9. The ZHRC noted that in spite of the fact that the three (3) MDC-A officials
with other party officials had staged a demonstration in violation of lock down
regulations pertaining to demonstrations, they were still entitled to their human
dignity and other rights which are interdependent and indivisible. Accused
persons are still entitled to their rights and Section 50 of the Constitution
provides for the rights of arrested and detained persons.
10. Recommendations
Zimbabwe Republic Police
10.1The Zimbabwe Republic Police should investigate the allegations of
abduction and torture by the survivors and bring the perpetrators to book,
as a matter of urgency.
10.2The Zimbabwe Republic Police is encouraged to be more proactive in its
investigation of criminal offences especially in instances where criminal
offences are alleged to be taking place, even by social media sources.
Spontaneous action could have reduced the time the victims were in the
custody of the perpetrators and would have provided them with some leads
to the case.
10.3 The Zimbabwe Republic Police should respect and uphold human
rights of arrested and accused persons by not assaulting and torturing
suspects or exposing them to such acts of violence.
Movement for Democratic Change – Alliance (MDC-A)
10.4 There is need for the MDC-A structures, within the Provinces, to ensure
they are appraised on the laws surrounding public demonstrations
particularly in this State of Emergency that has been brought about by the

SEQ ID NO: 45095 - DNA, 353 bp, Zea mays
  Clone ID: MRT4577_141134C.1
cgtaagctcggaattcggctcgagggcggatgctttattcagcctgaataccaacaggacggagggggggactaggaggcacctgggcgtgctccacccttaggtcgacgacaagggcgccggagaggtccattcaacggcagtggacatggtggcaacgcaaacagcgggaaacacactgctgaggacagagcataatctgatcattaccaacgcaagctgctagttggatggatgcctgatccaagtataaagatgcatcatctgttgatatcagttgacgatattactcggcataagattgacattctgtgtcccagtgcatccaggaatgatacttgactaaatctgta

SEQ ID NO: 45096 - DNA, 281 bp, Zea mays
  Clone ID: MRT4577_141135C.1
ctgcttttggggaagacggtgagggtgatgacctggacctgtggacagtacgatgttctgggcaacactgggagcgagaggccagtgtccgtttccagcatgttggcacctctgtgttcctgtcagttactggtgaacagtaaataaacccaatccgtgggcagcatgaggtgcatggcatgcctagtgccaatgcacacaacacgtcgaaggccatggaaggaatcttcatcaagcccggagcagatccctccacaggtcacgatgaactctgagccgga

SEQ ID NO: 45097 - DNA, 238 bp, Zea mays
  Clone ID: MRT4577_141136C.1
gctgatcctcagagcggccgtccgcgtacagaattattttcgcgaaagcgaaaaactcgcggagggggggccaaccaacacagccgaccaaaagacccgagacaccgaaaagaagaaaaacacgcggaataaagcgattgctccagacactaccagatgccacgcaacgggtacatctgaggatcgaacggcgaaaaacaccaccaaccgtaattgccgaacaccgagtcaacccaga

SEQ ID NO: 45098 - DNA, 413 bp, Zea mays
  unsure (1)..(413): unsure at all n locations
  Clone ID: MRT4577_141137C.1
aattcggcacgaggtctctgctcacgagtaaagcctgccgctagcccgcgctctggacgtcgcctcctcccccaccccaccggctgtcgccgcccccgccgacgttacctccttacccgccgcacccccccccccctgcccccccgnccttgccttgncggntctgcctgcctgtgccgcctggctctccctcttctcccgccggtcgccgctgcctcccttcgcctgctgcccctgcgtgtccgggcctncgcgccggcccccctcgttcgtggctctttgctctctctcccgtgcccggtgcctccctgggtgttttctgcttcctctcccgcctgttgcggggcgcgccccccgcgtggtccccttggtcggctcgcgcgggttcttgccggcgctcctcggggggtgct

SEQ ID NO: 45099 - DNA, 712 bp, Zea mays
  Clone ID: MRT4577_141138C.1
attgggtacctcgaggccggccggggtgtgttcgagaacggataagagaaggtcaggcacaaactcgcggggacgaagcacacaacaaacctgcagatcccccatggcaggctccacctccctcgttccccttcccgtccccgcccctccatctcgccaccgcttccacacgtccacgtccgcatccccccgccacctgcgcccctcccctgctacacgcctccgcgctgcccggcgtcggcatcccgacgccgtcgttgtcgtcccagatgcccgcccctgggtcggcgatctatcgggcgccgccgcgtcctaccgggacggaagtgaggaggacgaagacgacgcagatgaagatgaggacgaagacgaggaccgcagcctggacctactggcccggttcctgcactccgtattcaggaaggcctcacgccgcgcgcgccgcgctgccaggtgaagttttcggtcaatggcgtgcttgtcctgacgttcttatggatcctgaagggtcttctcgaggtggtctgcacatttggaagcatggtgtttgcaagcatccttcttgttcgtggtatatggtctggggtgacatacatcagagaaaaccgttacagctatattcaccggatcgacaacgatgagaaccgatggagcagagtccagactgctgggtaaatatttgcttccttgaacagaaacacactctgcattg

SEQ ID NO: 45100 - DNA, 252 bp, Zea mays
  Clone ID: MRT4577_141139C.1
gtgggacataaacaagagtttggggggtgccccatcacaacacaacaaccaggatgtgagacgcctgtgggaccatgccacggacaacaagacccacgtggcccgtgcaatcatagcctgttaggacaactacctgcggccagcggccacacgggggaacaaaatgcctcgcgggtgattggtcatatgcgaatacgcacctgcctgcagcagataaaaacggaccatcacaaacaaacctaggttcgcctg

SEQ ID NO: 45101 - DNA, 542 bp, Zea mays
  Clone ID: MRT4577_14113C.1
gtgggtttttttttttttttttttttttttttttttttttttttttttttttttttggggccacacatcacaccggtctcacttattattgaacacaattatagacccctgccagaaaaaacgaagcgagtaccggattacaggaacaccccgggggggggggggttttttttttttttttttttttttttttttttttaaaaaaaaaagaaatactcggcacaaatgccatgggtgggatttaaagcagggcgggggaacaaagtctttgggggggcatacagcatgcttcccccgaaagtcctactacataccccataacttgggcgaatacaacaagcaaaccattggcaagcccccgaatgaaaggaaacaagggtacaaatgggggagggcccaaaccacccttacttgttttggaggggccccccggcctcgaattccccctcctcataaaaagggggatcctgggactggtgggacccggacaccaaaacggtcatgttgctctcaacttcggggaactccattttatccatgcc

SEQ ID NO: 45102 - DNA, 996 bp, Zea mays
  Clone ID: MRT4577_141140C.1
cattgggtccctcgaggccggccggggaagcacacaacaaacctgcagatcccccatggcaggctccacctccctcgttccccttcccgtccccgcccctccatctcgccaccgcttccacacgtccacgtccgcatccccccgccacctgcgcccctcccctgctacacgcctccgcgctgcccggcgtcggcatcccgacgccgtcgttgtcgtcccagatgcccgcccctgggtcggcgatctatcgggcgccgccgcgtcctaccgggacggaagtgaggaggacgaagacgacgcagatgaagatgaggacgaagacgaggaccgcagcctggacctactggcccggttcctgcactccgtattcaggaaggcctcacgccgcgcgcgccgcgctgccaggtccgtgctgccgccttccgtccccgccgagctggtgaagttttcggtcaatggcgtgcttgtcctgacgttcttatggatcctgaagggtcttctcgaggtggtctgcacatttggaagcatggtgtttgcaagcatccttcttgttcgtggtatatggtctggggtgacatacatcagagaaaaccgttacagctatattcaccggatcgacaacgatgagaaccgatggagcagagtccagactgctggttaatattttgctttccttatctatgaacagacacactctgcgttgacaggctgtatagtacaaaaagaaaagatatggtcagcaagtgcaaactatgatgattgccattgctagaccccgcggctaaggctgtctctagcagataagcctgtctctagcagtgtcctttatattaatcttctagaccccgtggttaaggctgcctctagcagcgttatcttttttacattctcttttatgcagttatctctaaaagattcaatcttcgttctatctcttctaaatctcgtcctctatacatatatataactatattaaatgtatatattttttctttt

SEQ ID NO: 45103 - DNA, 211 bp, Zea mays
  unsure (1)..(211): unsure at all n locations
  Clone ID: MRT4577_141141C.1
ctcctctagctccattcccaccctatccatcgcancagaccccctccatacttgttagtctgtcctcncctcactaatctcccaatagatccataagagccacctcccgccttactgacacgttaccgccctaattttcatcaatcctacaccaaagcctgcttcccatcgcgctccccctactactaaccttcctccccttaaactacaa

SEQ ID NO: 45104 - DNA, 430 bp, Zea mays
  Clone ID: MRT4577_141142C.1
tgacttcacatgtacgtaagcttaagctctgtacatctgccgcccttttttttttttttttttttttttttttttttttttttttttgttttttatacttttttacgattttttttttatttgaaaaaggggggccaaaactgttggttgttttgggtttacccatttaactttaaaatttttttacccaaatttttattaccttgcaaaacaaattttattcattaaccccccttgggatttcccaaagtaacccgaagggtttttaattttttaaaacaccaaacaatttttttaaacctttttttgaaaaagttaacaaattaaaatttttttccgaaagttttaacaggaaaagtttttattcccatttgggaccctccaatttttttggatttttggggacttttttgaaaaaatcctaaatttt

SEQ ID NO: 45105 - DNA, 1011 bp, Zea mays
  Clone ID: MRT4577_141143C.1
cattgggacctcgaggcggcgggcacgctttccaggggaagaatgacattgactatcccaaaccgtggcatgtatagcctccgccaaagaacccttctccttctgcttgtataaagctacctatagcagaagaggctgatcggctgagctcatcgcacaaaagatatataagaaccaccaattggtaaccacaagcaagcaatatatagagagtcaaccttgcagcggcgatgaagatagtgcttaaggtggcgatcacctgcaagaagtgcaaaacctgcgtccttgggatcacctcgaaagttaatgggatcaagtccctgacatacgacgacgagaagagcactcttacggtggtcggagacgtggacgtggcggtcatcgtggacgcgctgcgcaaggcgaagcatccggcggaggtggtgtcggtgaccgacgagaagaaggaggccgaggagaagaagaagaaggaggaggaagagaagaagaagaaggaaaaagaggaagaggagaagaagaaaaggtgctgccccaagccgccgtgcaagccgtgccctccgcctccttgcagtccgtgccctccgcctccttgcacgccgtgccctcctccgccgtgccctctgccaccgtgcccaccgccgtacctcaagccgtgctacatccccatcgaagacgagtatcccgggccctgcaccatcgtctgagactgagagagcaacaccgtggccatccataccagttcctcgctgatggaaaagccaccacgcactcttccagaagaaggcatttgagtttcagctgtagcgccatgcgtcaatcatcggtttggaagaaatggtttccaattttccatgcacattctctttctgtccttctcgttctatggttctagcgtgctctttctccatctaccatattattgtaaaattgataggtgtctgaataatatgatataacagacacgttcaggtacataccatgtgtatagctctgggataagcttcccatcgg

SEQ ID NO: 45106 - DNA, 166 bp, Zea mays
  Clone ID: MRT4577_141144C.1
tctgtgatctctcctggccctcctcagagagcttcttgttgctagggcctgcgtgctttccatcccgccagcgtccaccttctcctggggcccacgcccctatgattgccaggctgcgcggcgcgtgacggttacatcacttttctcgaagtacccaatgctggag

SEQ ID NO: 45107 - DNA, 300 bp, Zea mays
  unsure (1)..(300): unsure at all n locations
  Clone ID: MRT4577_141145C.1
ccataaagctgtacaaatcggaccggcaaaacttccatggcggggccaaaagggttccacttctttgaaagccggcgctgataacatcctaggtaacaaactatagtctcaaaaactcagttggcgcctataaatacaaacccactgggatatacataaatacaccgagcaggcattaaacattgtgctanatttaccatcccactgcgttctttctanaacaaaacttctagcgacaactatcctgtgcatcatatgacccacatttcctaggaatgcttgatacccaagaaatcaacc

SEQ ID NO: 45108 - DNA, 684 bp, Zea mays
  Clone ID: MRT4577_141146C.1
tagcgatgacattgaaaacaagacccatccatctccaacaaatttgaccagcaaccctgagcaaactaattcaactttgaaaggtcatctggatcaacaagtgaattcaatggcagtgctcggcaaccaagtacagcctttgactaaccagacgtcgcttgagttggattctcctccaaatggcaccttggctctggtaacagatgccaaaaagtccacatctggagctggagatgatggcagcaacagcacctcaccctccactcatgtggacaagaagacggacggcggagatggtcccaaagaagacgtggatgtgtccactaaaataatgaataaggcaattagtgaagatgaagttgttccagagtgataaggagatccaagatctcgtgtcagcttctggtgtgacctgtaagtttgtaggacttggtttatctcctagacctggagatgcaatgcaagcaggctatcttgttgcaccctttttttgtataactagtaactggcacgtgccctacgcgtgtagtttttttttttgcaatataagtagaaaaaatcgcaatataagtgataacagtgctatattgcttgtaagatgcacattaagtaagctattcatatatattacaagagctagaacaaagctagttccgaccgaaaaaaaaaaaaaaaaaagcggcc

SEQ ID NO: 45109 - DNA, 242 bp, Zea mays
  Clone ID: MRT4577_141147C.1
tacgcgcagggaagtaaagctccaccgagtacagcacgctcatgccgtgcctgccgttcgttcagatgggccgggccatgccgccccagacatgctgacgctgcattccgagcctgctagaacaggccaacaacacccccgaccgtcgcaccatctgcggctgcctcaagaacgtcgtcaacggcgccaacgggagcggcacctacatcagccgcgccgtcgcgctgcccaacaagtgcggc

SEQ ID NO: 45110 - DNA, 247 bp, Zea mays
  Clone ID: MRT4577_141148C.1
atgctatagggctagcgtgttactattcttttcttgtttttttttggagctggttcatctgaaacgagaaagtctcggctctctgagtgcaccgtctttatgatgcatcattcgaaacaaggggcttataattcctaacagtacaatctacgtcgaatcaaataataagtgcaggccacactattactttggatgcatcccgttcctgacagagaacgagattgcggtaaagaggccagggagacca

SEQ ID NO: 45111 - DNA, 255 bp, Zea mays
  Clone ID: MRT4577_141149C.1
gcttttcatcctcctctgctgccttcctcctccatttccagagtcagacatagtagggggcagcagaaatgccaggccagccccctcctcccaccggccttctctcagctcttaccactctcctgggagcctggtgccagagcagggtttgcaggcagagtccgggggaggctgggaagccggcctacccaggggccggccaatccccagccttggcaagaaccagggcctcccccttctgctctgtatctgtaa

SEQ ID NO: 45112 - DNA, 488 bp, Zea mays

outbreak of the COVID-19 pandemic. Party officials and members should
abide by lawful regulations put in place even though they may have a
genuine cause to put forward to relevant authorities. Where they feel their
constitutional rights have been infringed, they must adopt lawful means of
addressing their grievances such as litigation.
10.5 There is need for the MDC-A to follow up on the case of the abduction
of their officials until the perpetrators have been brought to book.
Government of Zimbabwe
10.6 The Government through the relevant Ministry should consider
ratification of the United Nations Convention Against Torture and other
Cruel, Inhuman or Degrading Treatment or Punishment and honour its
commitment during the Universal Periodic Review process and at the
presentation of its Periodic Report at the 65th Session of the African
Commission of Human and Peoples Rights in Banjul, the Gambia.
10.7 Government must put in place a mechanism to ensure compensation
for those that have been victims of State Agents and police brutality
through the Ministry of Home Affairs and Cultural Heritage.
Parliament of Zimbabwe
10.8 Parliament must ensure that Section 210 of the Constitution is
implemented by enacting a law for an effective and independent mechanism
for receiving and investigating complaints from members of the public about
misconduct on the part of members of the security services, and for remedying
any harm caused by such misconduct.
Citizens of Zimbabwe
10.9 The ZHRC also urges all citizens of Zimbabwe to exercise their rights
such as right to petition and protest, freedoms of association and assembly in
conformity with the law.
The ZHRC therefore calls upon all those with information which can assist in
the investigation of this matter to contact the Commission through the following
contact details:
Hotline: 0771 838 656 or 0786 602 035
Harare Office
144 Samora Machel Avenue, Harare
P. Bag. 7759 Causeway, Harare
Telephone: +263 242 703596/ 703616/701811
Bulawayo Office
49 J.M. Nkomo Street (Between 3rd and 4th Avenue, Bulawayo)
Telephone: 292 64170-73
Facebook Page:
Twitter: @zhrc365